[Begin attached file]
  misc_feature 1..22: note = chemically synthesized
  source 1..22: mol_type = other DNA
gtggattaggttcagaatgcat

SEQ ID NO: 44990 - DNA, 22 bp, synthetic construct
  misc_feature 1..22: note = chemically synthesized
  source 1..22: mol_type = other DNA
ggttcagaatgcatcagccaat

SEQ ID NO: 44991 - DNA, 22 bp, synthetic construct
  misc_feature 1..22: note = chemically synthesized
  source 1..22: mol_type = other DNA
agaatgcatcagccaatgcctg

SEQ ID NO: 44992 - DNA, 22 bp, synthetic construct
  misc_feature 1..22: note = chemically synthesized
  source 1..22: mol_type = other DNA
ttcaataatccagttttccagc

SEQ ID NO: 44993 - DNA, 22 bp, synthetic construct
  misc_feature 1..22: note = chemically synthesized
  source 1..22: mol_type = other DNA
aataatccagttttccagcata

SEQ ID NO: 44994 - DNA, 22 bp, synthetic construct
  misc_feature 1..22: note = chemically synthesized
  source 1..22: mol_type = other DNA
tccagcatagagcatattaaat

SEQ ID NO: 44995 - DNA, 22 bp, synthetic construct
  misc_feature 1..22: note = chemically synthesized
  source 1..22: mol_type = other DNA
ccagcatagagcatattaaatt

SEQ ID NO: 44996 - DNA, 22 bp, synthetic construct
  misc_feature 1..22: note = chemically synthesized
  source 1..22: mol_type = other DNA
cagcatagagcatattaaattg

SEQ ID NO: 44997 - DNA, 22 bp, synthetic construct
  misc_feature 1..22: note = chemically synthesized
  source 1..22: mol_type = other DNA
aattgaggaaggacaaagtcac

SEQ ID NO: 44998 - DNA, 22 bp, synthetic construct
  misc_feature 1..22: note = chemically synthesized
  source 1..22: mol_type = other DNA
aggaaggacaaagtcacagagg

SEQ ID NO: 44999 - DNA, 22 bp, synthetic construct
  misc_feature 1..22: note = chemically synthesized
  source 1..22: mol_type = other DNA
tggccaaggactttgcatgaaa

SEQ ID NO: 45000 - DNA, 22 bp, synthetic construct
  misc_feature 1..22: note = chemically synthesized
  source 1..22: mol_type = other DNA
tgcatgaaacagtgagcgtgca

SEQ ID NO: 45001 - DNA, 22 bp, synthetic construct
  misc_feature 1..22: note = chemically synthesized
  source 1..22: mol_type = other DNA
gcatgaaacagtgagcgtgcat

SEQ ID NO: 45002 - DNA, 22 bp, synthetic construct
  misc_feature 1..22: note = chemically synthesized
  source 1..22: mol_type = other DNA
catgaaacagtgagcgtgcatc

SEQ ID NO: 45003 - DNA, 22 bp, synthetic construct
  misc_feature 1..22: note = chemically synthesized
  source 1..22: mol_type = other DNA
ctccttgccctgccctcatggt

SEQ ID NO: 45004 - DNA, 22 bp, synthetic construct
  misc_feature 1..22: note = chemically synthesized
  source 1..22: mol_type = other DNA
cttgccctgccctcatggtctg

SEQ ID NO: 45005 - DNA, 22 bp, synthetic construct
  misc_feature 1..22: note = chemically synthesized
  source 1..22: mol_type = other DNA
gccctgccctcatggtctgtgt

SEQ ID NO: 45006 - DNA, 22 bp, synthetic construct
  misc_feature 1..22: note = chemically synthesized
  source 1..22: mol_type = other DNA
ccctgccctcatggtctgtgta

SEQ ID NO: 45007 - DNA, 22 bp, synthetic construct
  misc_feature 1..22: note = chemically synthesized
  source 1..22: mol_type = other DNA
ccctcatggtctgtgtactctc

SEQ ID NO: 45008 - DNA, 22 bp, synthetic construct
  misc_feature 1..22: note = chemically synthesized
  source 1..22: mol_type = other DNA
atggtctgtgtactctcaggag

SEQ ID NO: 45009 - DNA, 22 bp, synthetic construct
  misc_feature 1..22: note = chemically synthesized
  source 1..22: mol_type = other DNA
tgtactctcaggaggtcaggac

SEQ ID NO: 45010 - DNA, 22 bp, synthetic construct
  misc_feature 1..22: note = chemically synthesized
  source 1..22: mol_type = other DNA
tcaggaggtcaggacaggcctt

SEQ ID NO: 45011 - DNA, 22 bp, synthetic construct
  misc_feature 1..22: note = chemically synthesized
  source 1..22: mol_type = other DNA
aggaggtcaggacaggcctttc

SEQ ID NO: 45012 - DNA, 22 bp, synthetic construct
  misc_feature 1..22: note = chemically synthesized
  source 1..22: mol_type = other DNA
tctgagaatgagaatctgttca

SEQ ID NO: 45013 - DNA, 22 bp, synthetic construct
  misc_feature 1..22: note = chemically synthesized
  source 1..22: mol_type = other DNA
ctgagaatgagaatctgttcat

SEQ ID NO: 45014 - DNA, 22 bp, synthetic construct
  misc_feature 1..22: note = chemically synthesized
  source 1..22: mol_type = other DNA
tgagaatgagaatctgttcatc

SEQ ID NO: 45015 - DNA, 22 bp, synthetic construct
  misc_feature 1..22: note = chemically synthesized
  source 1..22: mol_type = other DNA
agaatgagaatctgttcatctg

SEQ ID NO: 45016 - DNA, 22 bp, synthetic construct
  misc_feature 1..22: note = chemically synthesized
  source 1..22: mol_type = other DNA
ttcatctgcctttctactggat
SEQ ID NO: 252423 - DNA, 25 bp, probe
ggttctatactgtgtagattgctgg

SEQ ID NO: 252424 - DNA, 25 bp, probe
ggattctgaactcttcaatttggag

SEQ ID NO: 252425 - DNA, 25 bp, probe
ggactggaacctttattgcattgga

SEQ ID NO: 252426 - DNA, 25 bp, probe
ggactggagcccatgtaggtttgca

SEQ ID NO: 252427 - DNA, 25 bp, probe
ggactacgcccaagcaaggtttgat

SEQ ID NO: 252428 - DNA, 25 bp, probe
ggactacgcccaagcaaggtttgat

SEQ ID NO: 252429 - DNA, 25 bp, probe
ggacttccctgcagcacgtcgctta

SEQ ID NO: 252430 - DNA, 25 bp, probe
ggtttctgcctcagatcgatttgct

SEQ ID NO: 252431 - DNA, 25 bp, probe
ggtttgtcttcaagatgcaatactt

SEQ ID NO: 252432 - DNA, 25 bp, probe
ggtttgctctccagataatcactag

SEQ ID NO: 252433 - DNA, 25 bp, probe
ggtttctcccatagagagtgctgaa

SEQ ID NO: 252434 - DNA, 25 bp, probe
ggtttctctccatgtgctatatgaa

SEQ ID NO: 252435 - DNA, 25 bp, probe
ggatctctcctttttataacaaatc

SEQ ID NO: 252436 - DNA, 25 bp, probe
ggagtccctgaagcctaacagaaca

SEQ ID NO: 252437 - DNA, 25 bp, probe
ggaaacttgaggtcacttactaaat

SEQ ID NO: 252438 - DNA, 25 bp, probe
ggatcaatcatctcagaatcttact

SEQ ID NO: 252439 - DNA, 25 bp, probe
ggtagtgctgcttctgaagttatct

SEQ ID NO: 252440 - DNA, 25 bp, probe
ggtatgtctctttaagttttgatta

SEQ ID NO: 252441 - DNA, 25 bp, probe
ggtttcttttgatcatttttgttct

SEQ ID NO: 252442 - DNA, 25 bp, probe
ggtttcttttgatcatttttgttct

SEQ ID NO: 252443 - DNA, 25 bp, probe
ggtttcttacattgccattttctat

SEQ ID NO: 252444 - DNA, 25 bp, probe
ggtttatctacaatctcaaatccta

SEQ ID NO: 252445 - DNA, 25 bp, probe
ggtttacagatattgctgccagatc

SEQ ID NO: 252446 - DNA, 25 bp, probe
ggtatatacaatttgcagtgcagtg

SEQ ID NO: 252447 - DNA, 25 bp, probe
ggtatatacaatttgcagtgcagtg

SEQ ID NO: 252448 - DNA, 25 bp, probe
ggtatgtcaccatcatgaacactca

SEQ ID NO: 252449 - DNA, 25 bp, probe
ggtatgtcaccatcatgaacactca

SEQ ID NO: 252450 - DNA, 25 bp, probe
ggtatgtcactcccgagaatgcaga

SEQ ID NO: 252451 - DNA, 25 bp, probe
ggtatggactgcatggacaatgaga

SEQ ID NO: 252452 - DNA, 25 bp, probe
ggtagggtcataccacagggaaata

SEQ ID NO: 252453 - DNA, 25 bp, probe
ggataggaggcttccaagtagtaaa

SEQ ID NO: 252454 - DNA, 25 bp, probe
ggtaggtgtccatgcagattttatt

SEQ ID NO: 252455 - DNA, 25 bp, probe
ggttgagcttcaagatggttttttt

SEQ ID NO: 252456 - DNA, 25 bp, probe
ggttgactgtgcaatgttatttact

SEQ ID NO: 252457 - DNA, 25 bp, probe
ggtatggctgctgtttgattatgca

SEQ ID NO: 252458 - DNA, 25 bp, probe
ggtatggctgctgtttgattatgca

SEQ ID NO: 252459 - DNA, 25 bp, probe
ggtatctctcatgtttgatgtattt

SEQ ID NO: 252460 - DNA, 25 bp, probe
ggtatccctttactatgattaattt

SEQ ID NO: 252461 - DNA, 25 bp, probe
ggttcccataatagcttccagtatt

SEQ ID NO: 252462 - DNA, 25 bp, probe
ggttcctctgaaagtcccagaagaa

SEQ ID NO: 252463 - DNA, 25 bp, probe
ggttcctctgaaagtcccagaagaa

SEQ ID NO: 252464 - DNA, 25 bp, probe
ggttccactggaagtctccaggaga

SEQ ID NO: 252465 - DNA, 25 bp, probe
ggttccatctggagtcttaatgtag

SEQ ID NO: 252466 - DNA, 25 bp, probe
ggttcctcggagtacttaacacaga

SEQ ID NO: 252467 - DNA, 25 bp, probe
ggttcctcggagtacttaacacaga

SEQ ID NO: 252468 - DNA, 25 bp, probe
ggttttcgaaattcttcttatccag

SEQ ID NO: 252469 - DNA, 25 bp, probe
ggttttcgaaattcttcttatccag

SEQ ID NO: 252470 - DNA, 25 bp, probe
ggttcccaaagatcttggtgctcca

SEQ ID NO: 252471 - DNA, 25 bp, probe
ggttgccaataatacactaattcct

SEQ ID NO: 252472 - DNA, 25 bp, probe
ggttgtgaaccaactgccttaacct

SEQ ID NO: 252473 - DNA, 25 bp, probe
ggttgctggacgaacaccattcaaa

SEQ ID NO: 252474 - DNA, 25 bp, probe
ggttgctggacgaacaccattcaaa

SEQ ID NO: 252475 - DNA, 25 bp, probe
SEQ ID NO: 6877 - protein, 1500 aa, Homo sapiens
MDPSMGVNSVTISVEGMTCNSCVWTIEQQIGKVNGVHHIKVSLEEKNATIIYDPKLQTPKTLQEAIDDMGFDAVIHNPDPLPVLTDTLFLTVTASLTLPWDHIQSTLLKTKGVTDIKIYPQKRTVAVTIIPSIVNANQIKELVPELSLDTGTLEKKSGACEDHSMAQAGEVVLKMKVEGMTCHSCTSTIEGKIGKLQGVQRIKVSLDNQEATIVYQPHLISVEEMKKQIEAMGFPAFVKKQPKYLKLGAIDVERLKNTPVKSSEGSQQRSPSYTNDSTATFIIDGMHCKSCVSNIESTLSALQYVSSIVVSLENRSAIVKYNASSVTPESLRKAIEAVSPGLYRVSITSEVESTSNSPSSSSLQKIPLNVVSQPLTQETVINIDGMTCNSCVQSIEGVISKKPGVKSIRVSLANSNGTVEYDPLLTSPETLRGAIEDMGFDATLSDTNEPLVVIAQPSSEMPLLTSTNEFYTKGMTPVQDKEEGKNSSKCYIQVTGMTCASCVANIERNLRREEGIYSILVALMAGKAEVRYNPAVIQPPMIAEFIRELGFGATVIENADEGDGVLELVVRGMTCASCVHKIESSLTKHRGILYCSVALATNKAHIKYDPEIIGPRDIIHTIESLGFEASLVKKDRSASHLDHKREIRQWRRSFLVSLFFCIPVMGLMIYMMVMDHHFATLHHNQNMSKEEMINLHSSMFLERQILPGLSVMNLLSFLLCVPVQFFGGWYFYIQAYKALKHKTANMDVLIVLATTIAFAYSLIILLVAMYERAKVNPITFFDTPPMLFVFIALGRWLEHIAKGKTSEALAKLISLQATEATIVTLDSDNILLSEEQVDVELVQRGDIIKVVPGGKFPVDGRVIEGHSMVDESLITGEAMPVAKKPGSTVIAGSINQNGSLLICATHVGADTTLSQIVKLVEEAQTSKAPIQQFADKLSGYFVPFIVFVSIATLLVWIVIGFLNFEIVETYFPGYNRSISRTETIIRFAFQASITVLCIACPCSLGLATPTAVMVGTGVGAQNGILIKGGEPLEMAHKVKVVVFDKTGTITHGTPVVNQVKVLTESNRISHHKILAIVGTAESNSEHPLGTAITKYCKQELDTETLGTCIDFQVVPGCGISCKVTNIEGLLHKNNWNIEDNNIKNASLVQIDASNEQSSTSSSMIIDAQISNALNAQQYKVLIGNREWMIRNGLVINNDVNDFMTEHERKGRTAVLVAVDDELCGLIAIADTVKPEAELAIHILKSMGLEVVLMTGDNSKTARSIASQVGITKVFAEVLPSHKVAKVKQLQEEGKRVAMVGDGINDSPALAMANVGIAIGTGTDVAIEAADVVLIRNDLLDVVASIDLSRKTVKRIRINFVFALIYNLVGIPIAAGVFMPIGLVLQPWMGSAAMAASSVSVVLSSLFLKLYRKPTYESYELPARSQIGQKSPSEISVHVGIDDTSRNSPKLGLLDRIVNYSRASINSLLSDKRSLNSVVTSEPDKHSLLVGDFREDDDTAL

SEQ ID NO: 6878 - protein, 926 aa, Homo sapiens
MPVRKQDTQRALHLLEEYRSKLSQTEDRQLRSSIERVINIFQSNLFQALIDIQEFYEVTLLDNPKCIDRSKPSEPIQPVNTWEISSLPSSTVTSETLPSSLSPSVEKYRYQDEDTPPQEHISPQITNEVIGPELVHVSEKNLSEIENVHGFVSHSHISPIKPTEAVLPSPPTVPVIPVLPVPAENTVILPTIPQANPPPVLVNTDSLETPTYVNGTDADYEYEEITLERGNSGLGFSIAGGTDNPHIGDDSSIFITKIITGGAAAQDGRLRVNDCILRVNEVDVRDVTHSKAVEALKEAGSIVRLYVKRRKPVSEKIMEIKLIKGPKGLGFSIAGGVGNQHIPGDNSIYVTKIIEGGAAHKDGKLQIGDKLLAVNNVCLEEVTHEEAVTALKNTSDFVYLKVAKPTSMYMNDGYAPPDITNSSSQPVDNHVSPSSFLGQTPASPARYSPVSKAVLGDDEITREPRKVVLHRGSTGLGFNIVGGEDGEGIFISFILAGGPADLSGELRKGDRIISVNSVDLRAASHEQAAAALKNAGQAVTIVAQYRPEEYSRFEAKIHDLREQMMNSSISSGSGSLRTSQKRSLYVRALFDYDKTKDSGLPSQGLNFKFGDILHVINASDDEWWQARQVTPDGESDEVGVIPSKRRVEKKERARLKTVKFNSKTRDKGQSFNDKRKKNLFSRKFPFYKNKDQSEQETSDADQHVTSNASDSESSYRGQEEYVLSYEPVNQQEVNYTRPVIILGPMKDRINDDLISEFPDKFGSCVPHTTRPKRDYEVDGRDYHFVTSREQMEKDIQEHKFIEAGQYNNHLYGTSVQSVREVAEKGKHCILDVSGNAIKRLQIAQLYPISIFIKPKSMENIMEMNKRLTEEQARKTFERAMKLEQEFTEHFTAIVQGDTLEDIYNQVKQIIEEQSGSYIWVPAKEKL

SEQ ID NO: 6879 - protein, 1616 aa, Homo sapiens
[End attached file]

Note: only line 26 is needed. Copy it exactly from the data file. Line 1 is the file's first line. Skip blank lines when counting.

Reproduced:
  source 1..22: mol_type = other DNA